Bible Study 36 David Counts the Fighting Men

Step 1:  Opening and Introduction to the lesson – Personal Testimonies from last week’s study and Reflection:  When you were first learning math, what did you use:  Computers?  Calculators?  Adding machines?  Slide rules?  Abacus?  Fingers?  Did your parents ever make you choose your consequences?  What difficult choices do you remember making?  

Step 2:  Hear – Read:  David Counts the Fighting Men:  2 Samuel 24:1-17.

Step 3:  Explore – Discover the Passage

  1. This story presents many theological and ethical problems, as we seek insights into David’s dilemma.  What prompted David’s request to take a census (vv. 1-2):  God’s anger?  Satan’s ruse (see 1 Ch 21:1?  David’s pride?  David’s insecurity?  Some external threat? 
  • What does your answer above say about who lies behind evil acts (see Jas 1:13-15)?  How could a man after God’s own heart be duped by Satan?  As for the census itself (vv. 5-9); what’s involved in terms of time, money and manpower? 
  •   Why is David so conscience-stricken (v. 10)?  Is taking a census always wrong, sinful or a foolish waste of human resources (see Nu 1:2-3; 26:2-4)?  Didn’t the Lord ultimately direct him to do so (v. 1)?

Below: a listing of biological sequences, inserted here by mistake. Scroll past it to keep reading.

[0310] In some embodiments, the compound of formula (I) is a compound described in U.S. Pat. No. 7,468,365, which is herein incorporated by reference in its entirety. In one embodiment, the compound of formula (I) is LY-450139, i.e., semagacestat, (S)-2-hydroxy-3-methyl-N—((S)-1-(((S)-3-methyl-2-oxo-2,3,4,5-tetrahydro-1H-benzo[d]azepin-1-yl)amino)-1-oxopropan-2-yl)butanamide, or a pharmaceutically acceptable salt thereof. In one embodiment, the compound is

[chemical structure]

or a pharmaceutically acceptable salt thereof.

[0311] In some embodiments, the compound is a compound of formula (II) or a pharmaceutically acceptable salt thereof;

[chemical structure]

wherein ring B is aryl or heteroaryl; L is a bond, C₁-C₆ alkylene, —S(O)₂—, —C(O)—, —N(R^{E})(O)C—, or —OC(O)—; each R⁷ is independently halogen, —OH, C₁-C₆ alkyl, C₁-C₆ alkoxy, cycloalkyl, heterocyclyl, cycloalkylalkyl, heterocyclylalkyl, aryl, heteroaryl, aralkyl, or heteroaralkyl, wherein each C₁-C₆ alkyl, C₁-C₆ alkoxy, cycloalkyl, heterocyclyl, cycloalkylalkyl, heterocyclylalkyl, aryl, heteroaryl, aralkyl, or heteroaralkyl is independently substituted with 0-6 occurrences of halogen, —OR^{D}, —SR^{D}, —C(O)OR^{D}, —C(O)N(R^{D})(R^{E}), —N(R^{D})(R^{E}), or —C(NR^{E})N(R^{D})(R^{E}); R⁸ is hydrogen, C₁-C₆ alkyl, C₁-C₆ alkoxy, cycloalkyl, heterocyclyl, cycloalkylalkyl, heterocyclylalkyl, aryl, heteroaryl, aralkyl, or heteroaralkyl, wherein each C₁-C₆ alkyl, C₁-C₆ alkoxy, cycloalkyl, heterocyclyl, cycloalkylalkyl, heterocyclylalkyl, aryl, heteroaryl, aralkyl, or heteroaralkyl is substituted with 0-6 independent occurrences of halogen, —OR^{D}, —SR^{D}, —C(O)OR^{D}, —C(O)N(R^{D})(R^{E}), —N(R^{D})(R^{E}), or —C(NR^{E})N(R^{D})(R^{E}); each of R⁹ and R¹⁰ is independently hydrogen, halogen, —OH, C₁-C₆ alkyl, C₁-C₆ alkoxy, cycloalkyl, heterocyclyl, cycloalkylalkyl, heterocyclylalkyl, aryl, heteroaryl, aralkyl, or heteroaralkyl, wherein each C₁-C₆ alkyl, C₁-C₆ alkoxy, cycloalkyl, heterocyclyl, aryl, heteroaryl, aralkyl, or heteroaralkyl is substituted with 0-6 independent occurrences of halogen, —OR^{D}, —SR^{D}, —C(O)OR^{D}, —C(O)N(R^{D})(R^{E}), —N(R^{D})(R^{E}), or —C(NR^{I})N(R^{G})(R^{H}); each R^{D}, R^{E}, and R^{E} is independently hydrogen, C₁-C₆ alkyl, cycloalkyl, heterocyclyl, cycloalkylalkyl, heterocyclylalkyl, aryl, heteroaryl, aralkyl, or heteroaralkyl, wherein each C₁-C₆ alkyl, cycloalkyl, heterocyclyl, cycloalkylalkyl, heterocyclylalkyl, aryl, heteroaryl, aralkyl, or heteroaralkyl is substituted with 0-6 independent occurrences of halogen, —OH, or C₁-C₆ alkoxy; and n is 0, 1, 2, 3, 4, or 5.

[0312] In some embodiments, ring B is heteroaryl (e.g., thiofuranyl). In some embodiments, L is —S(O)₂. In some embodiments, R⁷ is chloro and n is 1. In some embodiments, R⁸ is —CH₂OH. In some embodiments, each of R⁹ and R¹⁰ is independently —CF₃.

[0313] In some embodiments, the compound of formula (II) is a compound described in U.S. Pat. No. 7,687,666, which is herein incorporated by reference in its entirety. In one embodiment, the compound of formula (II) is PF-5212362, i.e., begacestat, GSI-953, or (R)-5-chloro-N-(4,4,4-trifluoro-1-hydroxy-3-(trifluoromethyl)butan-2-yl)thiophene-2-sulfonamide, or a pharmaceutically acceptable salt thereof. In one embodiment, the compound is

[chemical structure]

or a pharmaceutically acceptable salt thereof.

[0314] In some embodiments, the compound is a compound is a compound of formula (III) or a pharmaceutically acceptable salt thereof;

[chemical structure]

• If the Lord did ask David to take the census, then why the subsequent punishment (vv. 11-17)?  Why three options?  And why punish the people for something David ordered?
  • Is God working at cross-purposes when he grieves over the punishment inflicted on Israel by his own angel (v. 16)?  

Step 4:  Connect – Apply the Passage:

  1. In what ways are you proud of your accomplishments, acquisitions or responsibilities?  Behind the proud image you show the world, are you also insecure?
  • Where are you tempted to lean upon the strength of your superior assets rather than in weakness depend on God?
  • Though you may have prayed for strength in order to achieve great things for God, where has God made you weak, that you might learn to humbly obey him?

Step 5:  Reflect:  I have sinned greatly in what I have done.  Now, O Lord, I beg you, take away the guilt of your servant.  I have done a very foolish thing.